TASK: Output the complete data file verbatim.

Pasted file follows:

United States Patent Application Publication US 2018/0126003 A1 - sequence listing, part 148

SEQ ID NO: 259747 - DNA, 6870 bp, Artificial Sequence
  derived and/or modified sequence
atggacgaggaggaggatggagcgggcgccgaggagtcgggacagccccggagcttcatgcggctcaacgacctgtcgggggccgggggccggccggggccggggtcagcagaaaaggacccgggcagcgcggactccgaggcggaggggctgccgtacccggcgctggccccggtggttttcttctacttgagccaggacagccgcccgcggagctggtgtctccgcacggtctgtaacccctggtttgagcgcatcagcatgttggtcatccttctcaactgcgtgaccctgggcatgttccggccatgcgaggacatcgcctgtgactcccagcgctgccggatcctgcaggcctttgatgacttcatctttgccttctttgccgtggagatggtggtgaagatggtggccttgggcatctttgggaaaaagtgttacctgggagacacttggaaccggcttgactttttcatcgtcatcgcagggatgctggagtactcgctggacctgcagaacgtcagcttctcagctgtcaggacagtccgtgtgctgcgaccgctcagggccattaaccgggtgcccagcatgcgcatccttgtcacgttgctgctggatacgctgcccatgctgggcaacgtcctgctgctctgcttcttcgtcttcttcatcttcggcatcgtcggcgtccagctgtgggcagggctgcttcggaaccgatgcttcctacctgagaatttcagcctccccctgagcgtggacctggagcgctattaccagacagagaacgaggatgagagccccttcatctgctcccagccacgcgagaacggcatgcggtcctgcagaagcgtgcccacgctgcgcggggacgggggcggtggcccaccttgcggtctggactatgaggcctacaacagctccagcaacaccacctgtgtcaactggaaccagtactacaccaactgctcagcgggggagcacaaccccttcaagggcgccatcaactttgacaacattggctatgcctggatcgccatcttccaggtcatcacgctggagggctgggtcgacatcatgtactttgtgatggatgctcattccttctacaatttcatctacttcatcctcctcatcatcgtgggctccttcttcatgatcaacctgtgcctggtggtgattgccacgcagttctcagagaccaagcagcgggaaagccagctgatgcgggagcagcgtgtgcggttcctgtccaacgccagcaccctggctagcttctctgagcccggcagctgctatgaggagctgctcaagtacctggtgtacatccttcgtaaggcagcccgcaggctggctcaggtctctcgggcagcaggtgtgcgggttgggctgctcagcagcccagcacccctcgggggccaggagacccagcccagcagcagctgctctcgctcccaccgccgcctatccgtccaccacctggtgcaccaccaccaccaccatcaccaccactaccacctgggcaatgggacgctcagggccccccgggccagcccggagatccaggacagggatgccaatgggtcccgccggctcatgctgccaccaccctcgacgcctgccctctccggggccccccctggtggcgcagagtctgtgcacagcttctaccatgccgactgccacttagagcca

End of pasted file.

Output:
United States Patent Application Publication US 2018/0126003 A1 - sequence listing, part 148

SEQ ID NO: 259747 - DNA, 6870 bp, Artificial Sequence
  derived and/or modified sequence
atggacgaggaggaggatggagcgggcgccgaggagtcgggacagccccggagcttcatgcggctcaacgacctgtcgggggccgggggccggccggggccggggtcagcagaaaaggacccgggcagcgcggactccgaggcggaggggctgccgtacccggcgctggccccggtggttttcttctacttgagccaggacagccgcccgcggagctggtgtctccgcacggtctgtaacccctggtttgagcgcatcagcatgttggtcatccttctcaactgcgtgaccctgggcatgttccggccatgcgaggacatcgcctgtgactcccagcgctgccggatcctgcaggcctttgatgacttcatctttgccttctttgccgtggagatggtggtgaagatggtggccttgggcatctttgggaaaaagtgttacctgggagacacttggaaccggcttgactttttcatcgtcatcgcagggatgctggagtactcgctggacctgcagaacgtcagcttctcagctgtcaggacagtccgtgtgctgcgaccgctcagggccattaaccgggtgcccagcatgcgcatccttgtcacgttgctgctggatacgctgcccatgctgggcaacgtcctgctgctctgcttcttcgtcttcttcatcttcggcatcgtcggcgtccagctgtgggcagggctgcttcggaaccgatgcttcctacctgagaatttcagcctccccctgagcgtggacctggagcgctattaccagacagagaacgaggatgagagccccttcatctgctcccagccacgcgagaacggcatgcggtcctgcagaagcgtgcccacgctgcgcggggacgggggcggtggcccaccttgcggtctggactatgaggcctacaacagctccagcaacaccacctgtgtcaactggaaccagtactacaccaactgctcagcgggggagcacaaccccttcaagggcgccatcaactttgacaacattggctatgcctggatcgccatcttccaggtcatcacgctggagggctgggtcgacatcatgtactttgtgatggatgctcattccttctacaatttcatctacttcatcctcctcatcatcgtgggctccttcttcatgatcaacctgtgcctggtggtgattgccacgcagttctcagagaccaagcagcgggaaagccagctgatgcgggagcagcgtgtgcggttcctgtccaacgccagcaccctggctagcttctctgagcccggcagctgctatgaggagctgctcaagtacctggtgtacatccttcgtaaggcagcccgcaggctggctcaggtctctcgggcagcaggtgtgcgggttgggctgctcagcagcccagcacccctcgggggccaggagacccagcccagcagcagctgctctcgctcccaccgccgcctatccgtccaccacctggtgcaccaccaccaccaccatcaccaccactaccacctgggcaatgggacgctcagggccccccgggccagcccggagatccaggacagggatgccaatgggtcccgccggctcatgctgccaccaccctcgacgcctgccctctccggggccccccctggtggcgcagagtctgtgcacagcttctaccatgccgactgccacttagagcca